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Hoffmann, R. A wiki for the life sciences where authorship matters. Nature Genetics (2008)

Dual implication of 2',3'-cyclic nucleotide 3' phosphodiesterase as major autoantigen and C3 complement-binding protein in the pathogenesis of multiple sclerosis.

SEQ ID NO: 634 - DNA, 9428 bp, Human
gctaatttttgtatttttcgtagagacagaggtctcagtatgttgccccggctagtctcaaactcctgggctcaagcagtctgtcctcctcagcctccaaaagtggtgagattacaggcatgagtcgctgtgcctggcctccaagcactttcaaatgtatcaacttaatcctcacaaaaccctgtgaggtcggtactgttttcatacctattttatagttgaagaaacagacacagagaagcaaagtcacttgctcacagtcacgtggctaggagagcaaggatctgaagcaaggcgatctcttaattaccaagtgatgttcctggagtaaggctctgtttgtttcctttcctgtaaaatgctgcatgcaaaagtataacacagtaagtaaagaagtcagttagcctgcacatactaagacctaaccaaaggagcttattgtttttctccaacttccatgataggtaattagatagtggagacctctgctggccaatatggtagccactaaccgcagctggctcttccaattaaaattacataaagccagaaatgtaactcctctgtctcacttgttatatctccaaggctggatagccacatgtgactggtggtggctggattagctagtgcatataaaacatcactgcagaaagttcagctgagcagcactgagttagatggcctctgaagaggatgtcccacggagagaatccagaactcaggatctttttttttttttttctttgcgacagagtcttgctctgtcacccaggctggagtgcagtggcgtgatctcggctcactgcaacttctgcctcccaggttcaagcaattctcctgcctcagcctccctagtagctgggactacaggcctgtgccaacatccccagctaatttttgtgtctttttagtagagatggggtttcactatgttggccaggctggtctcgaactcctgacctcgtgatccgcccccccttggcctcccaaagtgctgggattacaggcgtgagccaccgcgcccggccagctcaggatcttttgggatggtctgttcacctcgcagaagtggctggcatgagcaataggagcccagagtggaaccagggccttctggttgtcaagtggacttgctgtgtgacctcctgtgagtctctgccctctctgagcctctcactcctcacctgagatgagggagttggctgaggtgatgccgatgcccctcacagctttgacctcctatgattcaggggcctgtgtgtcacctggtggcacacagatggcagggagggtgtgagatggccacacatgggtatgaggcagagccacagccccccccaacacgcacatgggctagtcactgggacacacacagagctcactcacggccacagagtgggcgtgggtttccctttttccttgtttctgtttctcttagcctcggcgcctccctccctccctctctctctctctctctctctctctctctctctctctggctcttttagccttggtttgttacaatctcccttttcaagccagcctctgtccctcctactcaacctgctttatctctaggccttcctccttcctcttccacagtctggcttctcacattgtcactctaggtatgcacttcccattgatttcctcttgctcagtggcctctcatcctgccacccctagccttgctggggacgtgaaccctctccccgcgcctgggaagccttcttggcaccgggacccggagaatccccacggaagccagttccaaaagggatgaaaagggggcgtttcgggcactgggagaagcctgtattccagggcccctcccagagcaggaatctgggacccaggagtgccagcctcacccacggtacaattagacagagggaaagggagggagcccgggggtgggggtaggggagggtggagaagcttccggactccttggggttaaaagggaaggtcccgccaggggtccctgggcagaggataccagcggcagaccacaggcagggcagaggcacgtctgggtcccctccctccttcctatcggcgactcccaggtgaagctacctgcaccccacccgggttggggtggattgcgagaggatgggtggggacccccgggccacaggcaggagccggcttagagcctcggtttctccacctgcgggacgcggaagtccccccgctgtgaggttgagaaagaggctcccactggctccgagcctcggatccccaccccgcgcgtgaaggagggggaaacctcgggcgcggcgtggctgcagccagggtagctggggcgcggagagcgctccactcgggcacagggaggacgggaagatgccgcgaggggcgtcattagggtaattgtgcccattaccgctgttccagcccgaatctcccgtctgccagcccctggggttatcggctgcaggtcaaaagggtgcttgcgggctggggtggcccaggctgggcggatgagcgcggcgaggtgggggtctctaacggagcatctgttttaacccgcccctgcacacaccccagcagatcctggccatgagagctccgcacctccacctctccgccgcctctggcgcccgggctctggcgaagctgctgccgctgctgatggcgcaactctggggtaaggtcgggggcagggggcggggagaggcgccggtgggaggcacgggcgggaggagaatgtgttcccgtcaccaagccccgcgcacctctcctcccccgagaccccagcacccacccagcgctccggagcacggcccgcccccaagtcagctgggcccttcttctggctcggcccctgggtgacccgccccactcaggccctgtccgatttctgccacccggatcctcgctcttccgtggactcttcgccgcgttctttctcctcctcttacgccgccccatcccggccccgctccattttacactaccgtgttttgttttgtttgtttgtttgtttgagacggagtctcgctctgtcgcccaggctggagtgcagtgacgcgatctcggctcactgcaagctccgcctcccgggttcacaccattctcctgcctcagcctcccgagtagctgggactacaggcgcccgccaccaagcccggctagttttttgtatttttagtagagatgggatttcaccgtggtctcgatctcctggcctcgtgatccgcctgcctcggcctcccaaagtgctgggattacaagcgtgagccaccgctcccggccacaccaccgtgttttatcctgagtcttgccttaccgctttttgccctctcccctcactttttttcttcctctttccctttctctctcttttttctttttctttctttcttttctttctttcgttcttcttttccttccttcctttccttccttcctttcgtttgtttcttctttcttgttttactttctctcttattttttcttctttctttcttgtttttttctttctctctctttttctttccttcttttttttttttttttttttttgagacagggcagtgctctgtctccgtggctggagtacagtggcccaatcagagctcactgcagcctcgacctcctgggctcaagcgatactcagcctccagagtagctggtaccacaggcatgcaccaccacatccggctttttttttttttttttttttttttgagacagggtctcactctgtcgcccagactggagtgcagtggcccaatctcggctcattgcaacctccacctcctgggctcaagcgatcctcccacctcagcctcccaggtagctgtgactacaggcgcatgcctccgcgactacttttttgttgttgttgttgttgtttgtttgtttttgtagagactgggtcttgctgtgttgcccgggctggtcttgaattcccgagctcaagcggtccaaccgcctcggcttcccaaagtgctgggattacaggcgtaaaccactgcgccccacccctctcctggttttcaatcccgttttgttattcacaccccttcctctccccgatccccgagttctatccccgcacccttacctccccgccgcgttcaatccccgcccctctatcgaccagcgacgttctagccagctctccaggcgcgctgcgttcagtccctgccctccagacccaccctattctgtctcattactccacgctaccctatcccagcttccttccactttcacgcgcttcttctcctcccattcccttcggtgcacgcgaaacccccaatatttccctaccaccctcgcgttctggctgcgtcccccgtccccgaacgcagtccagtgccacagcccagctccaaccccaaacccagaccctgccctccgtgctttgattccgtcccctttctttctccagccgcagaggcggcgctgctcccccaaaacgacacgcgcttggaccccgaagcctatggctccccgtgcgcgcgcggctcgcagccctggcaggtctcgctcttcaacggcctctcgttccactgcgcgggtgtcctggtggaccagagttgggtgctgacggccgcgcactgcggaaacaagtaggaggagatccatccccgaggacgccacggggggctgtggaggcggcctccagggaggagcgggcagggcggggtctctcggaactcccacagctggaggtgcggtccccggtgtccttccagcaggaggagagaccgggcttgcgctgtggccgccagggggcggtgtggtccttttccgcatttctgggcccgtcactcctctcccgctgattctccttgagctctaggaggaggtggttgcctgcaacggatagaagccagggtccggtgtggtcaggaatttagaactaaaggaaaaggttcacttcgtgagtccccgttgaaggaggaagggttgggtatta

Multiple sclerosis ( MS) is characterized by intra-blood-brain barrier immunoglobulin synthesis that persists lifelong. Subcellular fractionation and two-dimensional electrophoresis were used in conjunction with immune precipitation and immunoblotting to identify antigenic determinants for this immunoglobulin. We report that 2', 3'-cyclic nucleotide 3'-phosphodiesterase ( CNP), a protein associated with oligodendrocyte/myelin membranes, also present in lymphocytes and retina, is one major target for the humoral response. Antibodies to CNP are detected in sera of 74% of MS patients. The antibodies are IgM and are present in serum in high titer as well as in cerebrospinal fluid. The antibody response is temporally persistent, consistent with systemic immune activation and persistent antigenic stimulation. Moreover, CNP is isolated as an immune complex from MS brain. CNP is expressed as two isoforms, with CNPII identical to CNPI but with a 20-amino acid extension at the amino terminus of CNPII; however, the antibody response is exclusively restricted to CNPI. In contrast, both isoforms bind the C3 complement, providing a plausible mechanism in MS central nervous system (CNS) for opsonization of myelin membrane CNP, mediated via the C3 receptor, and phagocytosis of CNP-Ig immune complexes, mediated by membrane Ig Fc receptors of macrophages and CNS microglia.[1]


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